Sphere of influence


7th May  2007. around 21:30UT
Novo Cice, Croatia

This sketch was created on plain A4 paper using graphite pencils and
fingers (for blurring). Later it was scanned and inverted in Photoshop
after some minor contrast and brightness adjustments.
I used 8″ F6 Dobson and 6mm Super Plossl Eyepiece. Magnification was
200x and field of view was 0.25°. Limiting magnitude was 5.50 and
transparency was very good.

M5 is beautiful globular cluster in Serpens. M5 was discovered by the
German astronomer Gottfried Kirch in 1702 when he was observing a comet.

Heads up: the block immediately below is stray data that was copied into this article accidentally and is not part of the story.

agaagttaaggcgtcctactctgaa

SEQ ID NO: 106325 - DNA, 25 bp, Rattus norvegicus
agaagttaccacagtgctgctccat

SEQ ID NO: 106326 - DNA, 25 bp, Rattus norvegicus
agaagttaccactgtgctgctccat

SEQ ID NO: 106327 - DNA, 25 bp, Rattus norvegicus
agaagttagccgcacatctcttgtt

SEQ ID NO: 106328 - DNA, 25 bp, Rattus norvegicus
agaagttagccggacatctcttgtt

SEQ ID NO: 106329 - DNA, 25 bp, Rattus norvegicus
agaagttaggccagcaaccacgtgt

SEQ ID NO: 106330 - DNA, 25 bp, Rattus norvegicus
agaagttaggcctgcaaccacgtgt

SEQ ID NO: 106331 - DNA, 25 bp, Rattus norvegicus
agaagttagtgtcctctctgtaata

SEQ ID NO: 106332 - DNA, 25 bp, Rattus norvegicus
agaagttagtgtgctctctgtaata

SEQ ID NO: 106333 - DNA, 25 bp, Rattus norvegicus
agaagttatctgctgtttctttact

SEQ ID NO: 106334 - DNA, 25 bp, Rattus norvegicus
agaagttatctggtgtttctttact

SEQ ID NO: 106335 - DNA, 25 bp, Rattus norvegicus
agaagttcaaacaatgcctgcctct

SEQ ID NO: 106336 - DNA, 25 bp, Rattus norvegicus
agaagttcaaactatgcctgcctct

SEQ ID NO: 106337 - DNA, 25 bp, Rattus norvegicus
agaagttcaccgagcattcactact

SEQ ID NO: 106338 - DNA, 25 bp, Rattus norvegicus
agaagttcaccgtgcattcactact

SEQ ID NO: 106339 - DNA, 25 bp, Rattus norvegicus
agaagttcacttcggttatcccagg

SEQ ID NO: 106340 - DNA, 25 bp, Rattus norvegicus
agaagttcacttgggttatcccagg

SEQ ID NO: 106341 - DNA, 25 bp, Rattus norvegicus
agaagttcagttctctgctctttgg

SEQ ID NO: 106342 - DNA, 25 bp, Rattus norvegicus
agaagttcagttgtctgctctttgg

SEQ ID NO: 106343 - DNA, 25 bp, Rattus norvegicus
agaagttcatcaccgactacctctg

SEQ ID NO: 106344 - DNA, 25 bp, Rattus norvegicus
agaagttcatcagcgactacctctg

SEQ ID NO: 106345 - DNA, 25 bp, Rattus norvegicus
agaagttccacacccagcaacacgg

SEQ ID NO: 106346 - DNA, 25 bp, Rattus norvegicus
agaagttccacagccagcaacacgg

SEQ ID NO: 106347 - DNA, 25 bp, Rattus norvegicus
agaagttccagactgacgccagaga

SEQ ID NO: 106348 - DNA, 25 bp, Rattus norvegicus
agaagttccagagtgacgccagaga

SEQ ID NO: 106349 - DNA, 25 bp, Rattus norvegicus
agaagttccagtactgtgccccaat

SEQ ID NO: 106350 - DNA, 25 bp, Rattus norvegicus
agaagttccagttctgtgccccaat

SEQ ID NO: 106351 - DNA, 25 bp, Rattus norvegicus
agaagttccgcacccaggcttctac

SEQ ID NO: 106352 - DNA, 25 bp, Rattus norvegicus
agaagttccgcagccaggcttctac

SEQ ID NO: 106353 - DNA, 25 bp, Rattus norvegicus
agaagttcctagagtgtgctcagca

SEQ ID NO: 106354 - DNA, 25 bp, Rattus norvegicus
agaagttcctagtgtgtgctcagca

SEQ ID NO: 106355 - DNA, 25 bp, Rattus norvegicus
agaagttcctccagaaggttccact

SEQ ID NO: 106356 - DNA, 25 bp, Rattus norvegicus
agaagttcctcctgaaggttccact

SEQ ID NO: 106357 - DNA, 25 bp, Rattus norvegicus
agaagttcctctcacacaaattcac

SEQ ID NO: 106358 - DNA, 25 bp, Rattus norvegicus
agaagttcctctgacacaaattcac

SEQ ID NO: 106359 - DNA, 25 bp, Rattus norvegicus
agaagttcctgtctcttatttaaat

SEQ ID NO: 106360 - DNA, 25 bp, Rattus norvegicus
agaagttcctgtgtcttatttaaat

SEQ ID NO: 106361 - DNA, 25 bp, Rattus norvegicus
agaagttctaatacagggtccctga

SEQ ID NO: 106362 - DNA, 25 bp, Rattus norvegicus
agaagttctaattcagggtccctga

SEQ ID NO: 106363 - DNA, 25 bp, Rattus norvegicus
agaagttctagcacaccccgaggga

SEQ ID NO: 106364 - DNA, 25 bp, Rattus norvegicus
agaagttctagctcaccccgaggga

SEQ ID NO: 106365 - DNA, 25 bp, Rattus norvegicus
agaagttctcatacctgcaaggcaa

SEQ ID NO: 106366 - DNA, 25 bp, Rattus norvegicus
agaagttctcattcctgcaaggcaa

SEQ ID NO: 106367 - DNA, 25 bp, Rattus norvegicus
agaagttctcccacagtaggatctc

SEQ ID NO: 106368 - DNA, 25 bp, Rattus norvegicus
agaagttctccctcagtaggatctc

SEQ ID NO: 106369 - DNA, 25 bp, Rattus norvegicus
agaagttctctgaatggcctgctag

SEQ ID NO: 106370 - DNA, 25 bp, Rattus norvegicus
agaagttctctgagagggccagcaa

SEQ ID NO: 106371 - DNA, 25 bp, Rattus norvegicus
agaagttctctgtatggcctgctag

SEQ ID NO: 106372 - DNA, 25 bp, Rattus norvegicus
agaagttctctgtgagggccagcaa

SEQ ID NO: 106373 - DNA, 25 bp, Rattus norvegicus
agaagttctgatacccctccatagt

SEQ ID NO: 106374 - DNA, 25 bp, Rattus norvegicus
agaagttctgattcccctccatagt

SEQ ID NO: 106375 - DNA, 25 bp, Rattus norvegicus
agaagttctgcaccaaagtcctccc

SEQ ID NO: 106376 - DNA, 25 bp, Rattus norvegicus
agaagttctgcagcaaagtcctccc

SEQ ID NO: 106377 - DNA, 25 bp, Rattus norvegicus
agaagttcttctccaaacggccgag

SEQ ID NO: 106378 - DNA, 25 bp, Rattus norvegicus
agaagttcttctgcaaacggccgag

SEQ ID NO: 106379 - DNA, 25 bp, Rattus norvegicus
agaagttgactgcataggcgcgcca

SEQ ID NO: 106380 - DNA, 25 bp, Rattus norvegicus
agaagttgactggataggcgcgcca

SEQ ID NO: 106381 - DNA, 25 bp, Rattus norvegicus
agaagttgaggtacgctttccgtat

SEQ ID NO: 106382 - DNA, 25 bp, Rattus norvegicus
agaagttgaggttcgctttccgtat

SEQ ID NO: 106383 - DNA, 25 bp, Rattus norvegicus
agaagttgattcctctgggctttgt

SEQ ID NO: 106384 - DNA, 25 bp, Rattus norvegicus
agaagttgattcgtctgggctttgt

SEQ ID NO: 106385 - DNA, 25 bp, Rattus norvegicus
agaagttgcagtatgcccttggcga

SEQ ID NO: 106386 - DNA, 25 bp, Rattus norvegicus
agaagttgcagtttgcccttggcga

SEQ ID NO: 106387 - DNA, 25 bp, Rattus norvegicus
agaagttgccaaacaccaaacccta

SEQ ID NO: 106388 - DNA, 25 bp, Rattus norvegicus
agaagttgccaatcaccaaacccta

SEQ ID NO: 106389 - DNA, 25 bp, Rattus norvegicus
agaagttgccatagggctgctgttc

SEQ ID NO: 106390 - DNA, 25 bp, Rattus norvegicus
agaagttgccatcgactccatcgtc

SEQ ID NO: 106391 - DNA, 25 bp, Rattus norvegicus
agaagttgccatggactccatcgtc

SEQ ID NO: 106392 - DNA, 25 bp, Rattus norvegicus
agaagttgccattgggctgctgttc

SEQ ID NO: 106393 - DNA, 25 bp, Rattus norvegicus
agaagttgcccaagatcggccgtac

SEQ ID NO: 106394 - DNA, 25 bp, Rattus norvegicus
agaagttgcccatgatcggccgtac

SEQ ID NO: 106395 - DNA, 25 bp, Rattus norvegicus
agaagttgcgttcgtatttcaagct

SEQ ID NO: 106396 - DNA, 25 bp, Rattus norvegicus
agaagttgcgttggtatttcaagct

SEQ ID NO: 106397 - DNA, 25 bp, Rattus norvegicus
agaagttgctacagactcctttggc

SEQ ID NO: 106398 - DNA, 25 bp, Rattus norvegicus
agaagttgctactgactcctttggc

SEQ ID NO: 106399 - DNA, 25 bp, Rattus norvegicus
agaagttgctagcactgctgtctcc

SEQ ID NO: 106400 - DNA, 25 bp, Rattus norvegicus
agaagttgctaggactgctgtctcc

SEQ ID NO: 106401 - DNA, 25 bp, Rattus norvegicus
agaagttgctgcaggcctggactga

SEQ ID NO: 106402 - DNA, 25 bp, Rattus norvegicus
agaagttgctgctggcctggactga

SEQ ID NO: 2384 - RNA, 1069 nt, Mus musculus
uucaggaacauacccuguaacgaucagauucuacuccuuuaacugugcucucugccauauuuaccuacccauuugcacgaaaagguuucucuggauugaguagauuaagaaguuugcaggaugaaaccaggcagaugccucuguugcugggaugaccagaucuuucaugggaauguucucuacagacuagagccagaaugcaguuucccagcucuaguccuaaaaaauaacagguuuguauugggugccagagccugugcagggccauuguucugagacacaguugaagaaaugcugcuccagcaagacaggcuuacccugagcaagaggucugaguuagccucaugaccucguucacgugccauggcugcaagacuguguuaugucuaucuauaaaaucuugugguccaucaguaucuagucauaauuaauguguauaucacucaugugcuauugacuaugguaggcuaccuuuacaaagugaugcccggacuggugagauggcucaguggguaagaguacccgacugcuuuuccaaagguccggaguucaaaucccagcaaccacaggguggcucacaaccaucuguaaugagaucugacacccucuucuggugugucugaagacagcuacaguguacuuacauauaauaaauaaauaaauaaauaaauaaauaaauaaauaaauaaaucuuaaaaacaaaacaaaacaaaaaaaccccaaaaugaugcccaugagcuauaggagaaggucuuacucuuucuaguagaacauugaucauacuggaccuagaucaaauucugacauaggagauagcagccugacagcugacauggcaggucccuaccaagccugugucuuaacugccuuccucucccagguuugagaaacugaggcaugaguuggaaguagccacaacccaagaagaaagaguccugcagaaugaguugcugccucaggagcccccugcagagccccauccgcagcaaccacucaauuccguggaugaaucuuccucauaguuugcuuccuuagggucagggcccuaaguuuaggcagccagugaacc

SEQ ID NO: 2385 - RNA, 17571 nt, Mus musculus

Charles Messier found it in 1764 and thought it a nebula without any
stars associated with it. William Herschel resolved individual stars in
the cluster in 1791, counting roughly 200 of them.Spanning 165
light-years across, M5 is one of the larger globular clusters known. The
gravitational sphere of influence of M5, (ie. the volume of space where
stars would be gravitationally bound to the cluster and not ripped away
from it by the Milky Way’s gravitational pull), has a radius of some 200

At 13 billion years old it is also one of the older globulars associated
with the Milky Way Galaxy. The distance of M5 is about 24,500
light-years away from Earth and the cluster contains more than 100,000
stars up to perhaps 500,000 according to some estimates.

Vedran Vrhovac

One thought on “Sphere of influence”

  1. Vedran,
    This sketch as your others looks especially nice on my monitor. The effort you put into the sketches is very apparent.

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